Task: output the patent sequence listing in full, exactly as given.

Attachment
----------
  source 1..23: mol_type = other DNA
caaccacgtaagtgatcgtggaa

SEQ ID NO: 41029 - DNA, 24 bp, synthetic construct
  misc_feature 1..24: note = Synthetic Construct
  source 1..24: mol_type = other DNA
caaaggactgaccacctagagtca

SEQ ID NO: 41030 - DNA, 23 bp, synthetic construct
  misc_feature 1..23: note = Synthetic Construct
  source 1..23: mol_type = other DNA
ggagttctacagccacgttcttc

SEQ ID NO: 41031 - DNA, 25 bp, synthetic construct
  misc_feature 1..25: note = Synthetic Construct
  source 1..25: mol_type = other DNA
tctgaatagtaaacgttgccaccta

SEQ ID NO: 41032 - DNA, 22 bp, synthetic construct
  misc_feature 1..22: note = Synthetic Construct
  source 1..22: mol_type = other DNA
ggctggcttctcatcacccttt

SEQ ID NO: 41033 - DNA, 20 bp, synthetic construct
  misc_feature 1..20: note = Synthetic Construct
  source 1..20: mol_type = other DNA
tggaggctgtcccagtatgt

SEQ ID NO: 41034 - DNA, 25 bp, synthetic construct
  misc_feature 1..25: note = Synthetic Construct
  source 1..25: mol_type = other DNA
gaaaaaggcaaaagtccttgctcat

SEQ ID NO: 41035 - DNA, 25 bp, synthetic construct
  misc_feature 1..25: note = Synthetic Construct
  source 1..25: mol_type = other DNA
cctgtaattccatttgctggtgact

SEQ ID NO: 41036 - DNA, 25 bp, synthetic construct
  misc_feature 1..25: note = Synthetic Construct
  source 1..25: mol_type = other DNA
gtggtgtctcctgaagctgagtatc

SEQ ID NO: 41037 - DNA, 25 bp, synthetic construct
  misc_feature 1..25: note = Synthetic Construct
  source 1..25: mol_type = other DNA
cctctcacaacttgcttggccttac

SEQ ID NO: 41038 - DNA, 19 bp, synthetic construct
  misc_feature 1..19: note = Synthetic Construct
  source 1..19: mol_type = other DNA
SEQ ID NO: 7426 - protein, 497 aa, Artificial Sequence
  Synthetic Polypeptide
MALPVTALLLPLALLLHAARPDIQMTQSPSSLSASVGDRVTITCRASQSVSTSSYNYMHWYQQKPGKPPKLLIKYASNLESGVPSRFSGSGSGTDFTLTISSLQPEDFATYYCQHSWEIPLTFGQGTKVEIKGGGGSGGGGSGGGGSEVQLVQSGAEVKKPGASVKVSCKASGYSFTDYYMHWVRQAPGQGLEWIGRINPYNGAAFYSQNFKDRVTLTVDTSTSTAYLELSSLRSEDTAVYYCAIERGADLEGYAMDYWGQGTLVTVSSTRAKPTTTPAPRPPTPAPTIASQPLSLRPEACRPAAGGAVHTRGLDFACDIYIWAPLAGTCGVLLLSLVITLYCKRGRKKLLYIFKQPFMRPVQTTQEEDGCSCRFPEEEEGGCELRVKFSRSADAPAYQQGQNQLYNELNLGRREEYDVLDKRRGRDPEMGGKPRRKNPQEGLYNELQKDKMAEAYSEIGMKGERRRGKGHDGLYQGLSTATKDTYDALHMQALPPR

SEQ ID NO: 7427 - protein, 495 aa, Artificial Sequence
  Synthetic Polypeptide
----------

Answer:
  source 1..23: mol_type = other DNA
caaccacgtaagtgatcgtggaa

SEQ ID NO: 41029 - DNA, 24 bp, synthetic construct
  misc_feature 1..24: note = Synthetic Construct
  source 1..24: mol_type = other DNA
caaaggactgaccacctagagtca

SEQ ID NO: 41030 - DNA, 23 bp, synthetic construct
  misc_feature 1..23: note = Synthetic Construct
  source 1..23: mol_type = other DNA
ggagttctacagccacgttcttc

SEQ ID NO: 41031 - DNA, 25 bp, synthetic construct
  misc_feature 1..25: note = Synthetic Construct
  source 1..25: mol_type = other DNA
tctgaatagtaaacgttgccaccta

SEQ ID NO: 41032 - DNA, 22 bp, synthetic construct
  misc_feature 1..22: note = Synthetic Construct
  source 1..22: mol_type = other DNA
ggctggcttctcatcacccttt

SEQ ID NO: 41033 - DNA, 20 bp, synthetic construct
  misc_feature 1..20: note = Synthetic Construct
  source 1..20: mol_type = other DNA
tggaggctgtcccagtatgt

SEQ ID NO: 41034 - DNA, 25 bp, synthetic construct
  misc_feature 1..25: note = Synthetic Construct
  source 1..25: mol_type = other DNA
gaaaaaggcaaaagtccttgctcat

SEQ ID NO: 41035 - DNA, 25 bp, synthetic construct
  misc_feature 1..25: note = Synthetic Construct
  source 1..25: mol_type = other DNA
cctgtaattccatttgctggtgact

SEQ ID NO: 41036 - DNA, 25 bp, synthetic construct
  misc_feature 1..25: note = Synthetic Construct
  source 1..25: mol_type = other DNA
gtggtgtctcctgaagctgagtatc

SEQ ID NO: 41037 - DNA, 25 bp, synthetic construct
  misc_feature 1..25: note = Synthetic Construct
  source 1..25: mol_type = other DNA
cctctcacaacttgcttggccttac

SEQ ID NO: 41038 - DNA, 19 bp, synthetic construct
  misc_feature 1..19: note = Synthetic Construct
  source 1..19: mol_type = other DNA
SEQ ID NO: 7426 - protein, 497 aa, Artificial Sequence
  Synthetic Polypeptide
MALPVTALLLPLALLLHAARPDIQMTQSPSSLSASVGDRVTITCRASQSVSTSSYNYMHWYQQKPGKPPKLLIKYASNLESGVPSRFSGSGSGTDFTLTISSLQPEDFATYYCQHSWEIPLTFGQGTKVEIKGGGGSGGGGSGGGGSEVQLVQSGAEVKKPGASVKVSCKASGYSFTDYYMHWVRQAPGQGLEWIGRINPYNGAAFYSQNFKDRVTLTVDTSTSTAYLELSSLRSEDTAVYYCAIERGADLEGYAMDYWGQGTLVTVSSTRAKPTTTPAPRPPTPAPTIASQPLSLRPEACRPAAGGAVHTRGLDFACDIYIWAPLAGTCGVLLLSLVITLYCKRGRKKLLYIFKQPFMRPVQTTQEEDGCSCRFPEEEEGGCELRVKFSRSADAPAYQQGQNQLYNELNLGRREEYDVLDKRRGRDPEMGGKPRRKNPQEGLYNELQKDKMAEAYSEIGMKGERRRGKGHDGLYQGLSTATKDTYDALHMQALPPR

SEQ ID NO: 7427 - protein, 495 aa, Artificial Sequence
  Synthetic Polypeptide